Wednesday, December 23, 2015
For someone who was supposed to be in a wheelchair I run pretty fast!
As Tom and I added on our miles training for the Bermuda Half Marathon, I would often apologize for my pace. "If you were out here running alone, you'd be done in half the time," I'd tell him. This was especially true during our 10.5 miler in the rain. Tom reminds me how much he loves the time we spend together on our long runs and that I inspire him with my sheer will and determination.
As we get ready to run our 12.5 miles on Friday, I revisited my pace with Tom and he said, "For someone who was supposed to be in a wheelchair, you run pretty fast."
Well that certainly put things into perspective!
When I skype'd with Clarence "Stoker" Smith, Assistant Race Director for the Bermuda Marathon Weekend, he asked me my expected finish time. I told him under 4 hours for the half. His wife jumped up and down clapping her hands (no small feat for a 70+ woman) screaming, "Praise the Lord. Praise the Lord. Bless you. I'm comin' down to Front Street to cheer you on." He said that was an amazing projected time.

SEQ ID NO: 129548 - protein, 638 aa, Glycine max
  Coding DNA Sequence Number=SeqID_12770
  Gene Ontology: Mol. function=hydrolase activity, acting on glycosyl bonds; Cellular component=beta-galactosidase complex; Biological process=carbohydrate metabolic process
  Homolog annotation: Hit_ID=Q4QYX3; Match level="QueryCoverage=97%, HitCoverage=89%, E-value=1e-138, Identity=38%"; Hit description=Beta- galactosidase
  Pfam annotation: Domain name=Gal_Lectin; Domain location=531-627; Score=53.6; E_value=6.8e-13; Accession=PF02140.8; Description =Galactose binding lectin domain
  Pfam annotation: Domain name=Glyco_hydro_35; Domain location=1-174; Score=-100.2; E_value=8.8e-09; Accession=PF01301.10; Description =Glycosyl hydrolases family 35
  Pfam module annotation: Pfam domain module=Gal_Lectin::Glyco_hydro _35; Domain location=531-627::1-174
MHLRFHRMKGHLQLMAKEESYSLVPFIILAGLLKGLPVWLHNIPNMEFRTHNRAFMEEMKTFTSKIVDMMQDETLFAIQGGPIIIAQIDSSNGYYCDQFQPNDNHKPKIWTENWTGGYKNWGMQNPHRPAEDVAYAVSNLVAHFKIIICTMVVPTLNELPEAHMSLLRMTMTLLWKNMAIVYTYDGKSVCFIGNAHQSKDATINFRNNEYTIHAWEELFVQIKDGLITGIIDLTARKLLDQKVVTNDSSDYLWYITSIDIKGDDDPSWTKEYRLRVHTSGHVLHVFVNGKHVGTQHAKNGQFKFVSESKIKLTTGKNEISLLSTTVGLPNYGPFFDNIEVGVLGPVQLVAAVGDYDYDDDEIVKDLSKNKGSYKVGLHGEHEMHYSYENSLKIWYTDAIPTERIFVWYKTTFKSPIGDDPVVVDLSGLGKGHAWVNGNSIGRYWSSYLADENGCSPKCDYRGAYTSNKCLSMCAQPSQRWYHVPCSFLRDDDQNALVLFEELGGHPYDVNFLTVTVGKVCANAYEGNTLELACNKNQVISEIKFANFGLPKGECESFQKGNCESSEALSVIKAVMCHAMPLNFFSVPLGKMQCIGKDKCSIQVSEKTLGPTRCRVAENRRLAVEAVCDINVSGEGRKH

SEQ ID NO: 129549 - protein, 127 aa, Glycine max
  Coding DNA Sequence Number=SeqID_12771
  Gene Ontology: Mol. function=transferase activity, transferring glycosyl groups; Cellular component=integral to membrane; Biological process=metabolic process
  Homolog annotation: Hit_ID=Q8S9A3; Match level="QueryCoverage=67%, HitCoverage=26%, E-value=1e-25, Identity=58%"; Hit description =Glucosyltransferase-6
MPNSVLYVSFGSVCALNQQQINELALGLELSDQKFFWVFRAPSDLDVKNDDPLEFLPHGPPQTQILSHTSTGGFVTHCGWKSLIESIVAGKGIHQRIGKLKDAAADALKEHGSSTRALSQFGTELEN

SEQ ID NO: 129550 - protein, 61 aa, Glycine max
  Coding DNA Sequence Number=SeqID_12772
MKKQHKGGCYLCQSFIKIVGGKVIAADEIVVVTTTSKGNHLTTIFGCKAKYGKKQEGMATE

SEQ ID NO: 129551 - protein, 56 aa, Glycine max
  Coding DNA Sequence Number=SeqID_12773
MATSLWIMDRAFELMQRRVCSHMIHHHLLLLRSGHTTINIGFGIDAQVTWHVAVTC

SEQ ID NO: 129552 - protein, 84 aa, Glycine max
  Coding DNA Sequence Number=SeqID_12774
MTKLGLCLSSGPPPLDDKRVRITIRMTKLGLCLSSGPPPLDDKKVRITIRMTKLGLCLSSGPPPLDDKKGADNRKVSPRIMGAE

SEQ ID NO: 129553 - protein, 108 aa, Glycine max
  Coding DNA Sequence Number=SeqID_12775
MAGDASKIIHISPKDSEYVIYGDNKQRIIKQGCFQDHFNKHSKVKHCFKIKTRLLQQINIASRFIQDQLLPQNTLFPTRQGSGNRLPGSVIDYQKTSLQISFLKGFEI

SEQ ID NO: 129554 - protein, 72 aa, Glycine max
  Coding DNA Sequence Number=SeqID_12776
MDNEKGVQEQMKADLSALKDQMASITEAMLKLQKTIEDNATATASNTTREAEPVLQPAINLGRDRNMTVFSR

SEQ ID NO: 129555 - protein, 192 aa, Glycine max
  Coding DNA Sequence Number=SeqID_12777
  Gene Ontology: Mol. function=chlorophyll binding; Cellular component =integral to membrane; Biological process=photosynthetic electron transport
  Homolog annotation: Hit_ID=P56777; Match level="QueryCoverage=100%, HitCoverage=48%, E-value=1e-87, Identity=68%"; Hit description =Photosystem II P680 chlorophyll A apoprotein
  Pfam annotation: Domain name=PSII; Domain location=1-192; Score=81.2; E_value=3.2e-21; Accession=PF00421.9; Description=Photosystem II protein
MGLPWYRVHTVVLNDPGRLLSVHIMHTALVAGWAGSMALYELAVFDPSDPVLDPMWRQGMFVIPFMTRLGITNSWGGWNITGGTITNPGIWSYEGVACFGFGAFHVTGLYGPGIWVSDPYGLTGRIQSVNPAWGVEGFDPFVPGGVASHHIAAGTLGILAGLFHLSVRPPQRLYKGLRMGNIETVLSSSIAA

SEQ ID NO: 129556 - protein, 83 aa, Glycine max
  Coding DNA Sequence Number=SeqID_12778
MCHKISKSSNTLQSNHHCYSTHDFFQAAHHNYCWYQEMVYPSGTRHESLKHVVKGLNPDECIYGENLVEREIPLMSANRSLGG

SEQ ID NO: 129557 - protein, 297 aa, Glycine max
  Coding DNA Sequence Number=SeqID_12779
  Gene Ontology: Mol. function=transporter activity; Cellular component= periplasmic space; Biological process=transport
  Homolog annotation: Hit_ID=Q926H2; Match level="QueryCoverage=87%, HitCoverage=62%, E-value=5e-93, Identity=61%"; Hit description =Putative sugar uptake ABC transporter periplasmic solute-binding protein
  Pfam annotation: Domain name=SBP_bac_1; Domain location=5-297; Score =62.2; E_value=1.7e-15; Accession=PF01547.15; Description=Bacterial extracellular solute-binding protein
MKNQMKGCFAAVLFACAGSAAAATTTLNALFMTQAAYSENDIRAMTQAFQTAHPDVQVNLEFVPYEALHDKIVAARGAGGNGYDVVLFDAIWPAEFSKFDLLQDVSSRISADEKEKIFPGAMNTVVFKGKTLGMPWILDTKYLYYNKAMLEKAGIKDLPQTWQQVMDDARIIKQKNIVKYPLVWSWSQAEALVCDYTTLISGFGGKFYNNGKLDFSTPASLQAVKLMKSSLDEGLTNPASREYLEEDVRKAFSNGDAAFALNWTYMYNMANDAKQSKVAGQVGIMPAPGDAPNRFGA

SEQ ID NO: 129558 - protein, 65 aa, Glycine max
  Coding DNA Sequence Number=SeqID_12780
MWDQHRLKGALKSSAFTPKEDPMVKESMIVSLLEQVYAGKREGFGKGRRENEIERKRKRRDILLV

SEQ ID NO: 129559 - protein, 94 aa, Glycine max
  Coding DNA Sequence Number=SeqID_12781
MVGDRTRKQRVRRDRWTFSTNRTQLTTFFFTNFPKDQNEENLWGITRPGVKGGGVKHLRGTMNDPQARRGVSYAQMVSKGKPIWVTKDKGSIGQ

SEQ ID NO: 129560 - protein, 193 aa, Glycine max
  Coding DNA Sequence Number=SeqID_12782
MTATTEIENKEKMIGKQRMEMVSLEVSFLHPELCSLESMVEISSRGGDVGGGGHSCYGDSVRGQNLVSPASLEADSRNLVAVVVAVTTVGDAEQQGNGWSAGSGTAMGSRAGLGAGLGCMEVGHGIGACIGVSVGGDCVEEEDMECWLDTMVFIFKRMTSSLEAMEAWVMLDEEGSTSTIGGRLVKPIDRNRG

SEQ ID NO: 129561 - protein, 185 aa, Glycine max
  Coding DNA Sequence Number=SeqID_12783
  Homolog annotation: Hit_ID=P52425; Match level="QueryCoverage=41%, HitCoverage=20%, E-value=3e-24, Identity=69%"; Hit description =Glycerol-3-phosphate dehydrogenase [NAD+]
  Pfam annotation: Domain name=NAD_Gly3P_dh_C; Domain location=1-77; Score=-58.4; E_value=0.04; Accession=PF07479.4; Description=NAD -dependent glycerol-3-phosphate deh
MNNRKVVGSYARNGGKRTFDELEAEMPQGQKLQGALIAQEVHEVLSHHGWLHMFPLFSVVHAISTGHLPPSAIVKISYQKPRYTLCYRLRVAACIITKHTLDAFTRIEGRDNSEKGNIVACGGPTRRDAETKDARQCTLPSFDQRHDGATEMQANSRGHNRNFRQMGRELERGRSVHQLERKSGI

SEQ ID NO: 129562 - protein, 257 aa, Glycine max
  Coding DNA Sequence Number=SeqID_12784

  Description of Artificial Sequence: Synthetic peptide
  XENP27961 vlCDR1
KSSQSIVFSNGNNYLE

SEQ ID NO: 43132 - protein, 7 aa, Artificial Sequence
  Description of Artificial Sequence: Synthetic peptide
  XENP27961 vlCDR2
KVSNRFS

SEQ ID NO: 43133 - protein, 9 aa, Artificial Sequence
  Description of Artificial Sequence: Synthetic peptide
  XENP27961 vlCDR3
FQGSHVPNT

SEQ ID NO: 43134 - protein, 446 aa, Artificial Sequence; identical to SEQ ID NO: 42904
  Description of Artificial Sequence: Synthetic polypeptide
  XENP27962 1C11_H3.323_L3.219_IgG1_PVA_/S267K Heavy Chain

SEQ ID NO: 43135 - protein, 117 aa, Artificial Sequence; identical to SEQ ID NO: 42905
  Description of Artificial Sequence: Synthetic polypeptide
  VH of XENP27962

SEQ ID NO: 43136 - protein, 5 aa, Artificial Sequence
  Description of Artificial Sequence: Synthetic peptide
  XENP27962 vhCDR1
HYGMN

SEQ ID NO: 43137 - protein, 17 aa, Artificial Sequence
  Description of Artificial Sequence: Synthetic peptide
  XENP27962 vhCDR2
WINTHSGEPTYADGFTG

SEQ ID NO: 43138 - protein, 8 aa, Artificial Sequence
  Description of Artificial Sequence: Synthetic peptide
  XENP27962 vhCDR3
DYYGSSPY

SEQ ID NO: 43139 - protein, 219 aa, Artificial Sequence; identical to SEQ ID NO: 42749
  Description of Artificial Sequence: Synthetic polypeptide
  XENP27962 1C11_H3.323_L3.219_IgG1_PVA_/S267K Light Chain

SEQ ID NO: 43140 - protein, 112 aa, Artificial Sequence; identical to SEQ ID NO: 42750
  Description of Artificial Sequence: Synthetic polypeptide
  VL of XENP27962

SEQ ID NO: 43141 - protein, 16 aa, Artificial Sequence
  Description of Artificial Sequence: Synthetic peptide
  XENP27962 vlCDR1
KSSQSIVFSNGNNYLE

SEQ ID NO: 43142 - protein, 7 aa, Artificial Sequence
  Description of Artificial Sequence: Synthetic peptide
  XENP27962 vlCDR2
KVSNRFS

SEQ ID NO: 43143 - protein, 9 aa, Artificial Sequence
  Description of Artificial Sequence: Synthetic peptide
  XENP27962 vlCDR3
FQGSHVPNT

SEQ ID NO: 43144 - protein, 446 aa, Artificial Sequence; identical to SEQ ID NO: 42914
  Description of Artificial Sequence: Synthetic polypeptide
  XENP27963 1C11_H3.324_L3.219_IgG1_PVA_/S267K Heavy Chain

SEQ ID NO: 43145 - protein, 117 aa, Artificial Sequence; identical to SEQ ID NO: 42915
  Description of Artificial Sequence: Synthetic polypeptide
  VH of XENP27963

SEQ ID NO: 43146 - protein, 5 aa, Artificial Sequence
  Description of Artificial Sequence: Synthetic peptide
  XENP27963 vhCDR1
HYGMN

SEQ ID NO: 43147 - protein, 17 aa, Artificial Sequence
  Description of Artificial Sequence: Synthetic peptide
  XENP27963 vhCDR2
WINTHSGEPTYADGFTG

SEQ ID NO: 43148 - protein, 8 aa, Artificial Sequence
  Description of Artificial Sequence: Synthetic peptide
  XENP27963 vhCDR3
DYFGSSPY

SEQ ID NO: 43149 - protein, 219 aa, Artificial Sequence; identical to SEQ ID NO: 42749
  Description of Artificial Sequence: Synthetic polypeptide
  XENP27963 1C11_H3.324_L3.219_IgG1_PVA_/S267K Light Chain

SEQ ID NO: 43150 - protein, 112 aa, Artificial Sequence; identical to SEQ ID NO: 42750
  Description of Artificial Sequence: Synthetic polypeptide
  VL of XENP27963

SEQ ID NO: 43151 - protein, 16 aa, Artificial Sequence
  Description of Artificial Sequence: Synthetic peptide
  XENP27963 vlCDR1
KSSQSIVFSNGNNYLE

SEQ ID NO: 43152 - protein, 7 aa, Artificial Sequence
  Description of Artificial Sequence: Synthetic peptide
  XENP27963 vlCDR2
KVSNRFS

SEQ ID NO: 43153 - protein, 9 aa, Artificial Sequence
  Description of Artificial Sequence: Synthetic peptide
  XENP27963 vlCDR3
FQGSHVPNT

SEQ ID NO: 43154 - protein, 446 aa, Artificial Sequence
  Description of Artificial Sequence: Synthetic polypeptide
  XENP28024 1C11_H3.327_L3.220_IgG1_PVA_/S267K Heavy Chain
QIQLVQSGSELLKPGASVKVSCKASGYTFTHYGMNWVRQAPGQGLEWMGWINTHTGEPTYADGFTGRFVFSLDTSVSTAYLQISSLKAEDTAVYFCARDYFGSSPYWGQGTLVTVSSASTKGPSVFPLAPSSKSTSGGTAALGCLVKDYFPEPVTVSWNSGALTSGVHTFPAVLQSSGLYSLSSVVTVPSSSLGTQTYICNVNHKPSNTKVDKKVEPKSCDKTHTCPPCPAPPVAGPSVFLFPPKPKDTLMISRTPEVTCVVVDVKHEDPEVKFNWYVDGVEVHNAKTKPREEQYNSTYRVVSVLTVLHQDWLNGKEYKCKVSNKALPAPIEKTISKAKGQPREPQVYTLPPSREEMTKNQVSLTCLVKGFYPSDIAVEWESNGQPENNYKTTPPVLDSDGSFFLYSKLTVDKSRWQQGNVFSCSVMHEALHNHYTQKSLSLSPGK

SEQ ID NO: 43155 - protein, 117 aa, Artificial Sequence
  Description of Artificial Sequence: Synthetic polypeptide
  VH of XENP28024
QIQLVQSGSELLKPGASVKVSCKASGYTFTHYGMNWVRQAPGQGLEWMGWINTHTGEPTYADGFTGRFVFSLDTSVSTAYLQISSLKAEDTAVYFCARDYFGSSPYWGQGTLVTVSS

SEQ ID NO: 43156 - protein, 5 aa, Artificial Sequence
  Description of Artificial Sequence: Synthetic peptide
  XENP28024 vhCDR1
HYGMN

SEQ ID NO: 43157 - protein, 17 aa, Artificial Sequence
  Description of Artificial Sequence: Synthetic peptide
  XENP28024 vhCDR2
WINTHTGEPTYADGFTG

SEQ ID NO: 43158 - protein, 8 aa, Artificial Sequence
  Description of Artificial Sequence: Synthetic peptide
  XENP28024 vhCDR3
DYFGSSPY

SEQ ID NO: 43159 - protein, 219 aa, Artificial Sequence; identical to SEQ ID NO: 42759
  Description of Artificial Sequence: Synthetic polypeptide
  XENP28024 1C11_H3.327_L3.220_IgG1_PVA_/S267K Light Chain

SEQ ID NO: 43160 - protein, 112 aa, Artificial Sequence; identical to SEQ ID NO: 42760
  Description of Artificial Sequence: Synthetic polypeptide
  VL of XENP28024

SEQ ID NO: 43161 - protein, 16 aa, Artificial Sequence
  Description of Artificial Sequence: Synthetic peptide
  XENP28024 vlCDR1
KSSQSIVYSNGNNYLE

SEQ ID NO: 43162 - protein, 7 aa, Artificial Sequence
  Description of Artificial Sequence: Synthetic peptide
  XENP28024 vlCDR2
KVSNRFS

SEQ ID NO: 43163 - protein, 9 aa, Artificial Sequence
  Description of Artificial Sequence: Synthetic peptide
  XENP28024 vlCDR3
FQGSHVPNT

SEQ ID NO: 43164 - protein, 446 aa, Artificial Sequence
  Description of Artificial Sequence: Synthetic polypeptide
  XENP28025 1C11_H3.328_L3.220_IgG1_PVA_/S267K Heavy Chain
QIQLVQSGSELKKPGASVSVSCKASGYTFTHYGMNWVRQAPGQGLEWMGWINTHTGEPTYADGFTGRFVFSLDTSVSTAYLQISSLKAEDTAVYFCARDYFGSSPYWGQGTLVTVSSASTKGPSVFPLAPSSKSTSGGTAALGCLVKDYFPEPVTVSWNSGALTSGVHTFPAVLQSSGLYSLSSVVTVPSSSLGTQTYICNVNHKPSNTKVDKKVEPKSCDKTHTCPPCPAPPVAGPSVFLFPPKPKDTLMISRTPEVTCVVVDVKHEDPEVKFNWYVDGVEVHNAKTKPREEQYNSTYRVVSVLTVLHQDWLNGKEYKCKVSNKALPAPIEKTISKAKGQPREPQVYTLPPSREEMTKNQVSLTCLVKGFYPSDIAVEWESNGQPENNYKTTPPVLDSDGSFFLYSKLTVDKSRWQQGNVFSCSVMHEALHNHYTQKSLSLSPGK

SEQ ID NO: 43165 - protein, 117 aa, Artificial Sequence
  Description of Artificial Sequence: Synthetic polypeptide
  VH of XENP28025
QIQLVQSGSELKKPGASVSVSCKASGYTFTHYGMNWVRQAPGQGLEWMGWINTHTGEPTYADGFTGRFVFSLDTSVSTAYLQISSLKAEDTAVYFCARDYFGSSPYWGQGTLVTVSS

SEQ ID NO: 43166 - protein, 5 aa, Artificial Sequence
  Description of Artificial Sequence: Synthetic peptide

Most of the time I remember that I am a miracle; that after meeting Dr. Ryan J. Means, a healer, chiropractor and now dear friend, he reignited the flame of going the distance within me. He turned me onto the work of Dr. Joe Dispenza! Nine years ago I was in a leg brace, using a wheelchair at times for mobility and was told to prepare to spend the rest of my life in a wheelchair. Given the ravages that paralytic polio and trauma took on my body and what Western medicine knew about post polio syndrome, it was a reasonable assumption. God and I, however, had other plans.
It's been quite the healing odyssey with ups and downs and everything in between but now, at last, I have all the tools I need to go the distance; meditation, a kick ass cross training routine prescribed by my dear friend, healer and chiropractor Dr. Ryan Means, an amazing running and life partner with Tom and a village that cheers me on every mile of the way. As I post my runs on Nike+ no one has ever said to me, "well what was your pace." They all cheer me on inspired by what I have overcome knowing that for someone who was supposed to be in a wheelchair, I run pretty fast!